Why do doctors not order an extended stay in the country for complete rest anymore?
Was this something only for the upper classes, anyway?
I ask because I am reading Lillian Beckwith’s The Hills is Lonely (1959), the first volume of A Hebridean Omnibus. It opens with her standing on a jetty, awaiting a boat to take her to an island. She is buffeted by a storm, and wonders why she isn’t at home, in town, drinking tea. Her answer: her doctor ordered rest in the country. It’s not as if she does nothing when on the island. She goes galavanting across the moors, learns to milk cows and assists when an influenza epidemic hits the island. Still, she was following her doctor’s orders: rest in the country.
Rest in the country has always sounded divine. But without milking the cows by hand. When my children were young, I dreamed of getting an illness, one without pain, one that would allow my mind to still operate sufficiently that I could read, for which I had to be hospitalised for rest. Meals brought to me. No responsibilities. No cooking. No cleaning. Bed rest.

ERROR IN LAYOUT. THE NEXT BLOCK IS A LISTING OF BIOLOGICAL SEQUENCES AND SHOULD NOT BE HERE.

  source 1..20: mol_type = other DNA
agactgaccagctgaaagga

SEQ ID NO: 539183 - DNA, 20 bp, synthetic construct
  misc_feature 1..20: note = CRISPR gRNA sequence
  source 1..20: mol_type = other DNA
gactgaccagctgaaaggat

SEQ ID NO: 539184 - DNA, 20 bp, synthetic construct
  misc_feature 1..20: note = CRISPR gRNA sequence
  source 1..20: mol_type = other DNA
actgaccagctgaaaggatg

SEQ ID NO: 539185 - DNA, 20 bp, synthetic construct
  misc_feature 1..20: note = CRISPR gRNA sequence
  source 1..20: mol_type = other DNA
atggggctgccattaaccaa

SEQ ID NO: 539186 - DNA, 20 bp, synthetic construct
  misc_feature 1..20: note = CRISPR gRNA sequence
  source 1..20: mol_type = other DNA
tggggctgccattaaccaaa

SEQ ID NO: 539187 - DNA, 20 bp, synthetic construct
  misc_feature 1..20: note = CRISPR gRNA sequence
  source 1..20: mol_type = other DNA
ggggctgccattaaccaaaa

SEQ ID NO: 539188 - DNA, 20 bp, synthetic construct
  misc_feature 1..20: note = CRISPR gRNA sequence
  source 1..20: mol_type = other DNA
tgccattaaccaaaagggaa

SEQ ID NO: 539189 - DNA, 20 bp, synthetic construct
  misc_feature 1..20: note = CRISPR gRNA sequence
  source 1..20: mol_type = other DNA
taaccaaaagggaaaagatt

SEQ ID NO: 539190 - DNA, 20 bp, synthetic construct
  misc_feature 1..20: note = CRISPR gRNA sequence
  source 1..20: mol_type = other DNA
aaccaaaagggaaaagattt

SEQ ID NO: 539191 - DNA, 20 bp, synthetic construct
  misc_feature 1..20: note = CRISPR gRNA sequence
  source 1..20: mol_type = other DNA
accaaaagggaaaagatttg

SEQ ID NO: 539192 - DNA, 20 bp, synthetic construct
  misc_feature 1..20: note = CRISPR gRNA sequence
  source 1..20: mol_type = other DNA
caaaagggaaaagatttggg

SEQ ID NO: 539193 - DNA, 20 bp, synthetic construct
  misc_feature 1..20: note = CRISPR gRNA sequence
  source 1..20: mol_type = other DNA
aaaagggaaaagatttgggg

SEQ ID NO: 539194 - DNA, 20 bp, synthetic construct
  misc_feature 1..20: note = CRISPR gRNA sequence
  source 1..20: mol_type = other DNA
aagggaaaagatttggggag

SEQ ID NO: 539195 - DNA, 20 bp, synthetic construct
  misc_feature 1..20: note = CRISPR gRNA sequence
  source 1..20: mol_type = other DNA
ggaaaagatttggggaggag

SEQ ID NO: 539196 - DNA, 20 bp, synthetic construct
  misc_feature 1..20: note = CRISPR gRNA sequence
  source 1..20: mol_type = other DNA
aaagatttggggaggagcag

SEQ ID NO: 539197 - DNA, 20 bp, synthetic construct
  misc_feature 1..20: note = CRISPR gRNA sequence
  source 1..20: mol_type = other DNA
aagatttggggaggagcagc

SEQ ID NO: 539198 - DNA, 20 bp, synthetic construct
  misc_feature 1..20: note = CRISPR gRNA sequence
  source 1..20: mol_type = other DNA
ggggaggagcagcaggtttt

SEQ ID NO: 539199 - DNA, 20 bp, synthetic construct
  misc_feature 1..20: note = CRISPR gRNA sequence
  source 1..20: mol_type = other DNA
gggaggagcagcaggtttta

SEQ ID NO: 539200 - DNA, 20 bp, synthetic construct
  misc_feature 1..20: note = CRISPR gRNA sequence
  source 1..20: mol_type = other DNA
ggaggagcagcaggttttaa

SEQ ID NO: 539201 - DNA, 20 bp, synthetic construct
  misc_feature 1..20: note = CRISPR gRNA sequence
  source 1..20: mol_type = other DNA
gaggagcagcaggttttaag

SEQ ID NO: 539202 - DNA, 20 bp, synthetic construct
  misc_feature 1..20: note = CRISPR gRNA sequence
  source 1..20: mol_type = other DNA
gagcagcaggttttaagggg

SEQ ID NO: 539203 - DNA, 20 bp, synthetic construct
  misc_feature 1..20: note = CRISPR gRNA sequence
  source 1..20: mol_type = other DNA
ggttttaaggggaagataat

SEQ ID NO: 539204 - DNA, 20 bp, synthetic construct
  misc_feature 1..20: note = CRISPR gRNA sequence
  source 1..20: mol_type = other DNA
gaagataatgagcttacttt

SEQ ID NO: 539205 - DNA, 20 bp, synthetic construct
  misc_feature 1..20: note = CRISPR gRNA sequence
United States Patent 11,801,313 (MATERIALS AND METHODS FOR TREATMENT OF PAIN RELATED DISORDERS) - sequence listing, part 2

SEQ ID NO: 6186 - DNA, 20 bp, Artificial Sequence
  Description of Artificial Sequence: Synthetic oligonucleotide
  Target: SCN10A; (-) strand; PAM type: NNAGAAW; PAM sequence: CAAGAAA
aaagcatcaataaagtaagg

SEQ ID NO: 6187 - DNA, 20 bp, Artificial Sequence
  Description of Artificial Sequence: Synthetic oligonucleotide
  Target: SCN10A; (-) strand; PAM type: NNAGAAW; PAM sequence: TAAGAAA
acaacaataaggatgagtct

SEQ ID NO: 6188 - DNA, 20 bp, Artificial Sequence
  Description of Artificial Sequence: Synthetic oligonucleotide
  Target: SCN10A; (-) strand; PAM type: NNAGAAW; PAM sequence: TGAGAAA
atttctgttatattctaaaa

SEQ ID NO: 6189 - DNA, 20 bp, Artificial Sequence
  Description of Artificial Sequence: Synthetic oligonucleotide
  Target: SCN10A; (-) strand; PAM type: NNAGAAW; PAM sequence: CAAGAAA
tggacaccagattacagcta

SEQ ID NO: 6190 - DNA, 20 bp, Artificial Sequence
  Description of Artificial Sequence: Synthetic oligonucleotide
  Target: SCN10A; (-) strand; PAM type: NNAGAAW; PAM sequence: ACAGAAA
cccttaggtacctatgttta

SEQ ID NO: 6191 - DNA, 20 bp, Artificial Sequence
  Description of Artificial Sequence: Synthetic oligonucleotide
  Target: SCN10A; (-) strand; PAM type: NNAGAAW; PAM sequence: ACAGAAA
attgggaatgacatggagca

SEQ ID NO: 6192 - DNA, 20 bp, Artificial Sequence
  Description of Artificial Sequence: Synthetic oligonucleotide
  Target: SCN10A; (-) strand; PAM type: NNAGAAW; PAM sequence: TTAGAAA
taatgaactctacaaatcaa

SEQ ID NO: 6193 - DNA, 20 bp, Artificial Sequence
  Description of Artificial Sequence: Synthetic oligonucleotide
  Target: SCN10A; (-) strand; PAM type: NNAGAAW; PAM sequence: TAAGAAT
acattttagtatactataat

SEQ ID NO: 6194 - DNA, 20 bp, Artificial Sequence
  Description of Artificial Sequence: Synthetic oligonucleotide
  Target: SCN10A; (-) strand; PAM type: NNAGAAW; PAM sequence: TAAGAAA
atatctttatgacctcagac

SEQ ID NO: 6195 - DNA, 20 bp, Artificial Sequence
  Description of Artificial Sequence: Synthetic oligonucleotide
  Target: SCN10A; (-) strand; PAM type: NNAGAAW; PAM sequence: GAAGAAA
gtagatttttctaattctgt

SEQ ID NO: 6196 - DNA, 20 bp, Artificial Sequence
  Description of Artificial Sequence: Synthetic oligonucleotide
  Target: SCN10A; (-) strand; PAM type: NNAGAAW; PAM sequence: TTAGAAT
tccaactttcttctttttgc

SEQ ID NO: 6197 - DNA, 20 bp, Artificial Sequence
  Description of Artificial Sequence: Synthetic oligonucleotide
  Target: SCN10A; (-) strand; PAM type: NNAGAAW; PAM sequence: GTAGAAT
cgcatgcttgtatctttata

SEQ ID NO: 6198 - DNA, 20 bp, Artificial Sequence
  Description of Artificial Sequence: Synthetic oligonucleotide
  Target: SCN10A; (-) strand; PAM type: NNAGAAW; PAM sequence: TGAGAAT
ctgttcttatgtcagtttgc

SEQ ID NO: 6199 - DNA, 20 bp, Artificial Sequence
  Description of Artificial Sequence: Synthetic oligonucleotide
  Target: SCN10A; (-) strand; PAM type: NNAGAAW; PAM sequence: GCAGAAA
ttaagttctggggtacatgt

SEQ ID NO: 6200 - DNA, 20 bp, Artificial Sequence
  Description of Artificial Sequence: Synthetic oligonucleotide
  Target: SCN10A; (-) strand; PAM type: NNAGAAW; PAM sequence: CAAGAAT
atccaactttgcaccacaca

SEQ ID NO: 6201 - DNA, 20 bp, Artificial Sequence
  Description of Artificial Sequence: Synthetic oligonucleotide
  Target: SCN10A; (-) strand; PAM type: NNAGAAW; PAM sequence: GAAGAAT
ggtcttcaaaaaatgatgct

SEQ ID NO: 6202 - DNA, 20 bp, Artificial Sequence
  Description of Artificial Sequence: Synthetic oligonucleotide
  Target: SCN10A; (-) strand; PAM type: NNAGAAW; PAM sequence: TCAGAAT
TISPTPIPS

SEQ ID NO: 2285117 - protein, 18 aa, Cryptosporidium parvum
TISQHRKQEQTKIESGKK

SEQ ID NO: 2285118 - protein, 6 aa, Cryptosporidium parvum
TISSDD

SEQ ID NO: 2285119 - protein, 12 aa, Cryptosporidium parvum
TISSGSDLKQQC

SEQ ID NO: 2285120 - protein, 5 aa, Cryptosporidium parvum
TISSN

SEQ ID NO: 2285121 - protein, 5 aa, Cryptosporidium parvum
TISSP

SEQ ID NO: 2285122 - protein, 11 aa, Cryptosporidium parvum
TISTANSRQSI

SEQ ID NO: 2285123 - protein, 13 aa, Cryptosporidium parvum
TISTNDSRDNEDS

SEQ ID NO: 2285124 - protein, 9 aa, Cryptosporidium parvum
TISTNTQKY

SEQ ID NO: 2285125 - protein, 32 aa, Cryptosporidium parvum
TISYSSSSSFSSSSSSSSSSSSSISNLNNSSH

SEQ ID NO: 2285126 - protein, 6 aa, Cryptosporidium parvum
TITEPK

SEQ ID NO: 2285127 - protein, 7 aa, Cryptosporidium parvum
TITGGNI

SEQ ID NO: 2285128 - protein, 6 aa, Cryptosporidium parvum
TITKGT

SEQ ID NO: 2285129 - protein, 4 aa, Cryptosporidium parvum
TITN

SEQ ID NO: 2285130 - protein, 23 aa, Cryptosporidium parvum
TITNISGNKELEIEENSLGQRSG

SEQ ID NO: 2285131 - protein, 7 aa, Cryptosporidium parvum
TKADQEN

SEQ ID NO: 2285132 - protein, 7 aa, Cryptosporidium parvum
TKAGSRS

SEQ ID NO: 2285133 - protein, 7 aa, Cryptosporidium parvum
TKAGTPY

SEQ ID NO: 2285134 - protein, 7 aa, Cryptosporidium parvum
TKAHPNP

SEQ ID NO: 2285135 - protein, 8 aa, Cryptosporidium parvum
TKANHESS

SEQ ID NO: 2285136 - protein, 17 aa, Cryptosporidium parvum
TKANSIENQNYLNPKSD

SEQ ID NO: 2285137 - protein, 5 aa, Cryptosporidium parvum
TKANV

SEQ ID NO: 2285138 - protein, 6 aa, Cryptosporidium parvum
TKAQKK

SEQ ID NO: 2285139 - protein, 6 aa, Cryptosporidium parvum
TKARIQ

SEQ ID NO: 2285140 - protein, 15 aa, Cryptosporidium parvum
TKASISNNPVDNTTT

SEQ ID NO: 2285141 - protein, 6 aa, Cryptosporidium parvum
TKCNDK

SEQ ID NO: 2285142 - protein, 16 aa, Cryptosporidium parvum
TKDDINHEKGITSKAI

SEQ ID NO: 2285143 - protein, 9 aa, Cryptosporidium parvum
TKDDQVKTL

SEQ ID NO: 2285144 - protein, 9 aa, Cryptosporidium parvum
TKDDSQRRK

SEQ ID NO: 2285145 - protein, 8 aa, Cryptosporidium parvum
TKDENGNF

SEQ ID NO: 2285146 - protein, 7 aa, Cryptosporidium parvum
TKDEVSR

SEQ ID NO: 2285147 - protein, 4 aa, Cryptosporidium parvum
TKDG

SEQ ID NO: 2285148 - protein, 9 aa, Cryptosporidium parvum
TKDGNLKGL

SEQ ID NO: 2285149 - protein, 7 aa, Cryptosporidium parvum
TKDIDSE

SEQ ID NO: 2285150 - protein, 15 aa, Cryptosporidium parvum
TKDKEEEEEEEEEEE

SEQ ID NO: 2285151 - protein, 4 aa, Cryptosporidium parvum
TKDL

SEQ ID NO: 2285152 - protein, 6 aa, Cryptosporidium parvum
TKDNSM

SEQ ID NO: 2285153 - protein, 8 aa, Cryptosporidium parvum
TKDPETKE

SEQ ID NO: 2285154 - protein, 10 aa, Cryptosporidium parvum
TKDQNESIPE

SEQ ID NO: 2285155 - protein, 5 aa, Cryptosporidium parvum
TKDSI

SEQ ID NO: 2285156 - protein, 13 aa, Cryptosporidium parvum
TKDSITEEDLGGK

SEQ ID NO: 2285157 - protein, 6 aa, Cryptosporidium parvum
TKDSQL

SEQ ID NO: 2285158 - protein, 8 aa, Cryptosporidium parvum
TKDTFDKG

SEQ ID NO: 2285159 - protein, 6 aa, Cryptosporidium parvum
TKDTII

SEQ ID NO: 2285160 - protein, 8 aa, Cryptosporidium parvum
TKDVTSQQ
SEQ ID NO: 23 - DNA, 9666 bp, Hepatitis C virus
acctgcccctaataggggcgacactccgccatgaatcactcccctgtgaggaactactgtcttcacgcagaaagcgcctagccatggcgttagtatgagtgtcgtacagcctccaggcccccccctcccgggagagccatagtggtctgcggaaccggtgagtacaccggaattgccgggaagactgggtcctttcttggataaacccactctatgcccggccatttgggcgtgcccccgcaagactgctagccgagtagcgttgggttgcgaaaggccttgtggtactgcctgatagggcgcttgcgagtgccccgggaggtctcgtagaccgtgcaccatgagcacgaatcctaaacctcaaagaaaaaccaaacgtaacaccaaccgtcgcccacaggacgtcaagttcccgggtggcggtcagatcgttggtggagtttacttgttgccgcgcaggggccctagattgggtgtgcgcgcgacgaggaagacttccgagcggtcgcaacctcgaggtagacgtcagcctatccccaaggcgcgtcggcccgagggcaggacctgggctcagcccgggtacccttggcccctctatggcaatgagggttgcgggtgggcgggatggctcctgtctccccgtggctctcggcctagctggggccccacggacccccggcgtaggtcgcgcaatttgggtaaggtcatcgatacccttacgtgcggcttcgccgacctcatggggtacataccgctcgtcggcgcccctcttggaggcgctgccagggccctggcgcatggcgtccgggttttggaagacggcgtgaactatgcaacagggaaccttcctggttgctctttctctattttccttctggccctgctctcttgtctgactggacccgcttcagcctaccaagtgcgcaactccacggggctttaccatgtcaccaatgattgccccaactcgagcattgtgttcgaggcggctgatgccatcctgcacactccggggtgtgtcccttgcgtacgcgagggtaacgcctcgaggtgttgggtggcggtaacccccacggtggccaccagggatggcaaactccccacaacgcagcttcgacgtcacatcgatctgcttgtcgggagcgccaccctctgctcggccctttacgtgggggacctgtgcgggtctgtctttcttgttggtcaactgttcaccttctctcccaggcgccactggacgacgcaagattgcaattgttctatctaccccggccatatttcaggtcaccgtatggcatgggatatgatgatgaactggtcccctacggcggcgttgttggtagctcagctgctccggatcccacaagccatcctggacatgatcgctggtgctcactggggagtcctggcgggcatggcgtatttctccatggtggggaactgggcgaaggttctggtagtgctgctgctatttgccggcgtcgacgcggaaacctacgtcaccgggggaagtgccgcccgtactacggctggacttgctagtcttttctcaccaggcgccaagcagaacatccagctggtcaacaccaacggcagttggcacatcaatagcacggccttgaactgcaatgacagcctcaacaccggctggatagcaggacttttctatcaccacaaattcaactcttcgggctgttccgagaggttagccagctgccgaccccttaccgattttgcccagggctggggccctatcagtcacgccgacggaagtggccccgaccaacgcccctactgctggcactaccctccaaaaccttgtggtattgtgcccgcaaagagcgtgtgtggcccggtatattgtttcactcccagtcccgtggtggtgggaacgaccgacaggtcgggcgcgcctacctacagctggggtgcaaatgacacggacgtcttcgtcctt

Bed rest, even better than that, would be a glass-enclosed verandah to catch the sun. Lying on a cane lounge, wrapped in blankets, a book in hand. But as modern hospitals do not have that, I would have been happy with a private room. Quiet and rest.
Quiet and rest! I remember reading books where the central character was sent to the Swiss Alps and ordered to rest in a sanatorium. It sounded like heaven, even as a child.
Even as a child, I sensed such a choice was not for the like of me. My class battled on, with flu, with TB, with back pain, to scour and scrub and serve and work. No work = no money. Even if the doctor said the choice was death or rest, we worked on. The immediate needs of income for food and shelter took precedence over the long-term, possible death.
So even if my doctor said that I had to go to the country for complete rest, it wouldn’t be an option. Where? How? Thank heavens for books. I can read and I can dream.